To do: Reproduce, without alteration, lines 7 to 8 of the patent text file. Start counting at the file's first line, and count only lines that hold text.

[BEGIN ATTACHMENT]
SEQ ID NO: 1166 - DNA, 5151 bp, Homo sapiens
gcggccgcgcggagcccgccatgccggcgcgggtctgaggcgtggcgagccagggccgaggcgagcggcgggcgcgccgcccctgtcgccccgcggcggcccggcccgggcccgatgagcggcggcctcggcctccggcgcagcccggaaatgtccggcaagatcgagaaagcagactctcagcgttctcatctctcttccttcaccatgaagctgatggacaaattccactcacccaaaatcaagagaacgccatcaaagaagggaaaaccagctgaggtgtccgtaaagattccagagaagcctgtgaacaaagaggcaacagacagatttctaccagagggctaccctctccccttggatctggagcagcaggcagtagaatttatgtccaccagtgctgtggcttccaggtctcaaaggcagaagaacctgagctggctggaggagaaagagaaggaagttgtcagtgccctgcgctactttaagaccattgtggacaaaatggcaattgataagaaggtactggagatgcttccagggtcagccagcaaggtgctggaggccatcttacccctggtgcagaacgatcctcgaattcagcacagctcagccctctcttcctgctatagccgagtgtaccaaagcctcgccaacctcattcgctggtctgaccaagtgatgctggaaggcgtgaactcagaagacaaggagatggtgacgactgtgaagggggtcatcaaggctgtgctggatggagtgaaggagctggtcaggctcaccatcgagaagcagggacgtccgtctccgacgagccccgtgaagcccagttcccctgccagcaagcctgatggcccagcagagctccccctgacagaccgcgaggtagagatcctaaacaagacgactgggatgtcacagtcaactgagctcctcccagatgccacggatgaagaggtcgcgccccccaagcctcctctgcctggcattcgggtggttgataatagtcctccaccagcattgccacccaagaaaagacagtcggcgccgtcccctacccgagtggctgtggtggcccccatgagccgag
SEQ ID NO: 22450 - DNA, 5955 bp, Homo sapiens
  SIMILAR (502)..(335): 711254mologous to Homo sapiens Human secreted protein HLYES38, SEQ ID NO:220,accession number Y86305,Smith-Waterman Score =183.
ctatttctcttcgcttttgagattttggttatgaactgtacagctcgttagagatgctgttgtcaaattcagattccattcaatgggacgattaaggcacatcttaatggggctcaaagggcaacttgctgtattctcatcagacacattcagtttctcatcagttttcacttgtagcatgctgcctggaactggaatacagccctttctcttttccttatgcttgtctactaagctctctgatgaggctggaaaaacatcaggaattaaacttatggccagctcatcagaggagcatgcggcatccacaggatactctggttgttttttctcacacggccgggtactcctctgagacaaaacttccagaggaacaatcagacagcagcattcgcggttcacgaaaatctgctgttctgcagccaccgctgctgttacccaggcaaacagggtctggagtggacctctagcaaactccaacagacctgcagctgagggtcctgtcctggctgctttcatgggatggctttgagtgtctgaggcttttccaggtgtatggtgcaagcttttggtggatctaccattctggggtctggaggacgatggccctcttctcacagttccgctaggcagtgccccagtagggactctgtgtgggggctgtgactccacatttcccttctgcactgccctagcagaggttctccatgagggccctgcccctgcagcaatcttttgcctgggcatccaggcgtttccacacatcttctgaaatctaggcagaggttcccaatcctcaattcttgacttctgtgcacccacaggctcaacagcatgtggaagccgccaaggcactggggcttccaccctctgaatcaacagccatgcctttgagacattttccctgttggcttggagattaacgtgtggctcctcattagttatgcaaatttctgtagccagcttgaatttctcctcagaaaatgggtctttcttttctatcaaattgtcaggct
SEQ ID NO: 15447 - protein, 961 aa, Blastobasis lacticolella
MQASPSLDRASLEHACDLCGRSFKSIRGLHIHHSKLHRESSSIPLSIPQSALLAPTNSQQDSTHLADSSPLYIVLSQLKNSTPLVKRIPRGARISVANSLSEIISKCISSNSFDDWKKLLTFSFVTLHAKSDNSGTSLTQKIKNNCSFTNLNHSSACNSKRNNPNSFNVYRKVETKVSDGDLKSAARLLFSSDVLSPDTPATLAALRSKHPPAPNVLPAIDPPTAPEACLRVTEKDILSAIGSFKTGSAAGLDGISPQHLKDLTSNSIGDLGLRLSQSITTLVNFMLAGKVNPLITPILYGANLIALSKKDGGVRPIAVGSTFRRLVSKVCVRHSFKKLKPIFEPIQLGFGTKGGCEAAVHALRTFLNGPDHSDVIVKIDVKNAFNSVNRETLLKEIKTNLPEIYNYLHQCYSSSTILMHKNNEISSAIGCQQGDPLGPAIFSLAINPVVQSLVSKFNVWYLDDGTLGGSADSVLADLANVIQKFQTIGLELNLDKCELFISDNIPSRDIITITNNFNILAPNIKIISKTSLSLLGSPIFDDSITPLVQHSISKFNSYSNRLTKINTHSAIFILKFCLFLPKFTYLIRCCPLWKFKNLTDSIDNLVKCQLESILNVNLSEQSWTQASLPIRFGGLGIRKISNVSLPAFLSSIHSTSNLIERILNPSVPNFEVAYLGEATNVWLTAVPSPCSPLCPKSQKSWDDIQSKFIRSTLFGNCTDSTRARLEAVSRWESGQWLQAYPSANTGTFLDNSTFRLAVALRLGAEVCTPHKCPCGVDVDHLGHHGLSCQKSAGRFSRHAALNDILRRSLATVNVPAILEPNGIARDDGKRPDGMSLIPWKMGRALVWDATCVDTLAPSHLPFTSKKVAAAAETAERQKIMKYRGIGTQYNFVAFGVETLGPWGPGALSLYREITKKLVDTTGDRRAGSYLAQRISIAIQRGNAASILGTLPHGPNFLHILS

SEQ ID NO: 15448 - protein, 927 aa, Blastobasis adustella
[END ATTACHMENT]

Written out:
MQASPSLDRASLEHACDLCGRSFKSIRGLHIHHSKLHRESSSIPLSIPQSALLAPTNSQQDSTHLADSSPLYIVLSQLKNSTPLVKRIPRGARISVANSLSEIISKCISSNSFDDWKKLLTFSFVTLHAKSDNSGTSLTQKIKNNCSFTNLNHSSACNSKRNNPNSFNVYRKVETKVSDGDLKSAARLLFSSDVLSPDTPATLAALRSKHPPAPNVLPAIDPPTAPEACLRVTEKDILSAIGSFKTGSAAGLDGISPQHLKDLTSNSIGDLGLRLSQSITTLVNFMLAGKVNPLITPILYGANLIALSKKDGGVRPIAVGSTFRRLVSKVCVRHSFKKLKPIFEPIQLGFGTKGGCEAAVHALRTFLNGPDHSDVIVKIDVKNAFNSVNRETLLKEIKTNLPEIYNYLHQCYSSSTILMHKNNEISSAIGCQQGDPLGPAIFSLAINPVVQSLVSKFNVWYLDDGTLGGSADSVLADLANVIQKFQTIGLELNLDKCELFISDNIPSRDIITITNNFNILAPNIKIISKTSLSLLGSPIFDDSITPLVQHSISKFNSYSNRLTKINTHSAIFILKFCLFLPKFTYLIRCCPLWKFKNLTDSIDNLVKCQLESILNVNLSEQSWTQASLPIRFGGLGIRKISNVSLPAFLSSIHSTSNLIERILNPSVPNFEVAYLGEATNVWLTAVPSPCSPLCPKSQKSWDDIQSKFIRSTLFGNCTDSTRARLEAVSRWESGQWLQAYPSANTGTFLDNSTFRLAVALRLGAEVCTPHKCPCGVDVDHLGHHGLSCQKSAGRFSRHAALNDILRRSLATVNVPAILEPNGIARDDGKRPDGMSLIPWKMGRALVWDATCVDTLAPSHLPFTSKKVAAAAETAERQKIMKYRGIGTQYNFVAFGVETLGPWGPGALSLYREITKKLVDTTGDRRAGSYLAQRISIAIQRGNAASILGTLPHGPNFLHILS

SEQ ID NO: 15448 - protein, 927 aa, Blastobasis adustella